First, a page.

The crocodiles that hang around a nuclear power station

Biscayne National Park–What’s the difference between a crocodile and an alligator? It’s a common question visitors ask National Park Service rangers.

Biscayne Bioblitz 2010.jpg

There are very clear differences in skull shape and coloring–and surprisingly, according to some experts, the American crocodile is less aggressive than the American alligator. The American croc is evidently a lot more genteel than its Australian “Salty” cousin or Africa’s Nile crocodile.

South Florida is the only place in the U.S. where both the American crocodile and and the American alligator can be found. A population hangs around the Turkey Point nuclear power station, from where they visit Biscayne National Park, Park Ranger Christi Carmichael told me.

She did not say that the proximity to the nuclear station might have made the crocs a little more even tempered.

Carmichael has been staffing an information booth for visitors to the bioblitz, showcasing a number of skulls of large animals such as the croc, turtle and manatee.

She also had some giant marine snail shells.

Ocean snails, it turns, may be even more ruthless than the reptiles when it comes to their feeding habits. Different snails have different techniques to get into shellfish. Some pry open clam shells, others drill holes through them.

Here at the bioblitz it’s not really possible to see many of the fascinating creatures Carmichael teaches us about. That’s because they’re either out on the reef, or hanging around the forbidden zone around the nuclear power plant. I was happy to settle for the show-and-tell with the skulls.

Posted by David Braun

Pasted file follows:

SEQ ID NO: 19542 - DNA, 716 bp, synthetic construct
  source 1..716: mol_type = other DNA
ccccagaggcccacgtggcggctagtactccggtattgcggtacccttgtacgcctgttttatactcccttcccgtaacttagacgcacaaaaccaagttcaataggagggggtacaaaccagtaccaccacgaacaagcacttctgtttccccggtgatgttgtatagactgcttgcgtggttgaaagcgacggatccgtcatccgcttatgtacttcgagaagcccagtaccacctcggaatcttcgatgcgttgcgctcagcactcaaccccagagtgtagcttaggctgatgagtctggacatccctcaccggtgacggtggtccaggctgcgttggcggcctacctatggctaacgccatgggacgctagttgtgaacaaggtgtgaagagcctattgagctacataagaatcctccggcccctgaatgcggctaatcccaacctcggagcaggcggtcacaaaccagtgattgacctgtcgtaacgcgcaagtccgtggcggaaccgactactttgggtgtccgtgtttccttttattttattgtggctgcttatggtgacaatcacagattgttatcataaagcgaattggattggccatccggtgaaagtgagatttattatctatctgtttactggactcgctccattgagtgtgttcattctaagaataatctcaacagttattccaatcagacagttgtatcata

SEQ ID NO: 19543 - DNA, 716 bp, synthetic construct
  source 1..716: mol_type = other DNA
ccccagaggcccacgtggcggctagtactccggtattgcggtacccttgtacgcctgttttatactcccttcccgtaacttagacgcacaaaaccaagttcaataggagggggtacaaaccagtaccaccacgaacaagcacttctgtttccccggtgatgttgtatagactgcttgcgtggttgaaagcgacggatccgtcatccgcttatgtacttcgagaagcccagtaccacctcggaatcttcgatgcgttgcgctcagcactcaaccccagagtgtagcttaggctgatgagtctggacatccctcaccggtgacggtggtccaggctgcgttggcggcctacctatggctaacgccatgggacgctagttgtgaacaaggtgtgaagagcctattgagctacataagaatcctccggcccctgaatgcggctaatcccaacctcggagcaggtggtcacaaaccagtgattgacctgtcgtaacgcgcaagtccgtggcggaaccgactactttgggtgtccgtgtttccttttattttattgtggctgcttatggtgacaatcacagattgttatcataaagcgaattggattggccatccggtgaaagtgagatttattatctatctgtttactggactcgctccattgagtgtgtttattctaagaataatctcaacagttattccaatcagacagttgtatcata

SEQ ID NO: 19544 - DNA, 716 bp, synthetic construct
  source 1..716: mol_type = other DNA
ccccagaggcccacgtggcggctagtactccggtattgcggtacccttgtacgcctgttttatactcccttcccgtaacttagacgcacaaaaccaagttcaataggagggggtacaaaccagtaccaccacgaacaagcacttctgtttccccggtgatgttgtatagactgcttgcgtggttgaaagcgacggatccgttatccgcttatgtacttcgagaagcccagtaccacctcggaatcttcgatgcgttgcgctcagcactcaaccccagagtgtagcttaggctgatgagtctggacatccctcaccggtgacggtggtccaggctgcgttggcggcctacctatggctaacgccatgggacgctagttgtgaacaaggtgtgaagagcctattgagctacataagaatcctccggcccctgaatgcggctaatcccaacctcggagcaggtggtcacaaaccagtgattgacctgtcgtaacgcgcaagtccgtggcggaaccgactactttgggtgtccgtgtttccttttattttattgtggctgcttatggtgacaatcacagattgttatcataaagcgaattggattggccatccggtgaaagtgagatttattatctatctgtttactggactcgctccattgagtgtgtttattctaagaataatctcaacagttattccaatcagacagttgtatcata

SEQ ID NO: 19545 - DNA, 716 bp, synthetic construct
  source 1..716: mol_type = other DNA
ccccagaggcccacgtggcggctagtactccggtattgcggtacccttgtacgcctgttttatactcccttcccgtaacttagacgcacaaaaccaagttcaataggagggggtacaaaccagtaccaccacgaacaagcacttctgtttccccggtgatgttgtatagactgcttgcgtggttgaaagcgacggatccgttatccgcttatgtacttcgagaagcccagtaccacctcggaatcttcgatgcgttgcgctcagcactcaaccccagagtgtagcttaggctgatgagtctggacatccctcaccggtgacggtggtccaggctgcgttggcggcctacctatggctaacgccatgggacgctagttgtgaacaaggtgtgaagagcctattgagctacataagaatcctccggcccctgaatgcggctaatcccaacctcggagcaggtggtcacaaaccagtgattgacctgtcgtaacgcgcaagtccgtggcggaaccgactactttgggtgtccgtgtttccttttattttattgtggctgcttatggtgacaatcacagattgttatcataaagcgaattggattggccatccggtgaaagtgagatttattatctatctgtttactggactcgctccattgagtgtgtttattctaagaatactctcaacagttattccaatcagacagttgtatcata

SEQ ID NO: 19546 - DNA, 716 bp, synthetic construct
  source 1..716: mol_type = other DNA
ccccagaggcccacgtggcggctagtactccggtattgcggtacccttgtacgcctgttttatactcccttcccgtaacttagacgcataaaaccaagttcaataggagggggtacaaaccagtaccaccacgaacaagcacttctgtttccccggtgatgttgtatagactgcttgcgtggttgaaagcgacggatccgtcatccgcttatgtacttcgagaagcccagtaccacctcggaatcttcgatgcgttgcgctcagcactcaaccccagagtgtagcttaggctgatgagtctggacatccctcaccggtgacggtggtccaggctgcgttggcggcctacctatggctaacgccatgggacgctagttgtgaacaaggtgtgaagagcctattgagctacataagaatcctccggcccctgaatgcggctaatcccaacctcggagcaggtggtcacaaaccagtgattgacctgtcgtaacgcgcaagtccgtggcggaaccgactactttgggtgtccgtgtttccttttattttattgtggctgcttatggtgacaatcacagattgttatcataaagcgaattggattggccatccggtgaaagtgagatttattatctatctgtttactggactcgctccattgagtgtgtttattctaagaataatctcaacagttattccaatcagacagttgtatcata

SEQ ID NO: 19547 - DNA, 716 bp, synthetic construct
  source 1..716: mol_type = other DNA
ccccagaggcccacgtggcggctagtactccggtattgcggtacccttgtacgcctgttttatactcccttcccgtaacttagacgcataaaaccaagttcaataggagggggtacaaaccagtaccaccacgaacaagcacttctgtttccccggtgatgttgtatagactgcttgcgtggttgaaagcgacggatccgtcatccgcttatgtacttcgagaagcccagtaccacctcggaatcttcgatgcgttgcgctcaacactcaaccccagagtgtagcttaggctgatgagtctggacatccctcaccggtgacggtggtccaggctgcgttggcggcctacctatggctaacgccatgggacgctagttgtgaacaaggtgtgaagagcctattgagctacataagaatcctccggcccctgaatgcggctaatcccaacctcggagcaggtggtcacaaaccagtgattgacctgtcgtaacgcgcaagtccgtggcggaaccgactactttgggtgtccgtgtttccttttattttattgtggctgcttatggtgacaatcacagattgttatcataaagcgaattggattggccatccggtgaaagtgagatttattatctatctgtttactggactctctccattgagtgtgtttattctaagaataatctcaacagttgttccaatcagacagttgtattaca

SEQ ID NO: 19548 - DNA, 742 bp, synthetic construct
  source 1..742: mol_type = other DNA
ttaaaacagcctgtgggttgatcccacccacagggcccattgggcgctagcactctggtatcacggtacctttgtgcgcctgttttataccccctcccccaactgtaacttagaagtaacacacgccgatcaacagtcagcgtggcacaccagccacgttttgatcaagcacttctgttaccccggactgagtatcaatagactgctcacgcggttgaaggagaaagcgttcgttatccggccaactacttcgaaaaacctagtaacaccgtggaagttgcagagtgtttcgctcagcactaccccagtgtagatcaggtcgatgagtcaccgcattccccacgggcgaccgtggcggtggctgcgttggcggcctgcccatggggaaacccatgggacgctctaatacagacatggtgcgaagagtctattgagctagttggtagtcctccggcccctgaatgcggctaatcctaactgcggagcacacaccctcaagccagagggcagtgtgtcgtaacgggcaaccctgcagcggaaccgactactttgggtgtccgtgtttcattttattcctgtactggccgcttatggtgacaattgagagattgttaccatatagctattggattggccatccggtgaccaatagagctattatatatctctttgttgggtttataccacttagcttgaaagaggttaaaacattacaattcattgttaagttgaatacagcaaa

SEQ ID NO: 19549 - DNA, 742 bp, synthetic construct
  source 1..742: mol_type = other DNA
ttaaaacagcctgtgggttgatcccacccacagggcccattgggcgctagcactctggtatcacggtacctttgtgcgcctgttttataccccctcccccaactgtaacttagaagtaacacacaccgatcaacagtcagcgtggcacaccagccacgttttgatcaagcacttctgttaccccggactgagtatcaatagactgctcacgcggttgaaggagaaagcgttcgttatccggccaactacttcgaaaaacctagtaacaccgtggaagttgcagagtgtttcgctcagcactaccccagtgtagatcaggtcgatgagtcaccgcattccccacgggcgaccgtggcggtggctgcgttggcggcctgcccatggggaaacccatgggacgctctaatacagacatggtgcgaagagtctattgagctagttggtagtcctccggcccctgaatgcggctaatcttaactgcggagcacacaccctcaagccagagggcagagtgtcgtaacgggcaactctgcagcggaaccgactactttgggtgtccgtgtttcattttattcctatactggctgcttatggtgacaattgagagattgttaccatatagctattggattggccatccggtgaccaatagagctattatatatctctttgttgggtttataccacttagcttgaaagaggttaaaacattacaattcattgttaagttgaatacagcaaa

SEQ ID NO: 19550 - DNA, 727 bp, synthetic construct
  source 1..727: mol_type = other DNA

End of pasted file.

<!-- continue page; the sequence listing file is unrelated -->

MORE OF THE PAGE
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More than forty years in U.S., UK, and South African media gives David Max Braun global perspective and experience across multiple storytelling platforms. His coverage of science, nature, politics, and technology has been published/broadcast by the BBC, CNN, NPR, AP, UPI, National Geographic, TechWeb, De Telegraaf, Travel World, and Argus South African Newspapers. He has published two books and won several journalism awards. In his 22-year career at National Geographic he was VP and editor in chief of National Geographic Digital Media, and the founding editor of the National Geographic Society blog, hosting a global discussion on issues resonating with the Society's mission and initiatives. He also directed the Society side of the Fulbright-National Geographic Digital Storytelling Fellowship, awarded to Americans seeking the opportunity to spend nine months abroad, engaging local communities and sharing stories from the field with a global audience. A regular expert on National Geographic Expeditions, David also lectures on storytelling for impact. He has 120,000 followers on social media: Facebook  Twitter  LinkedIn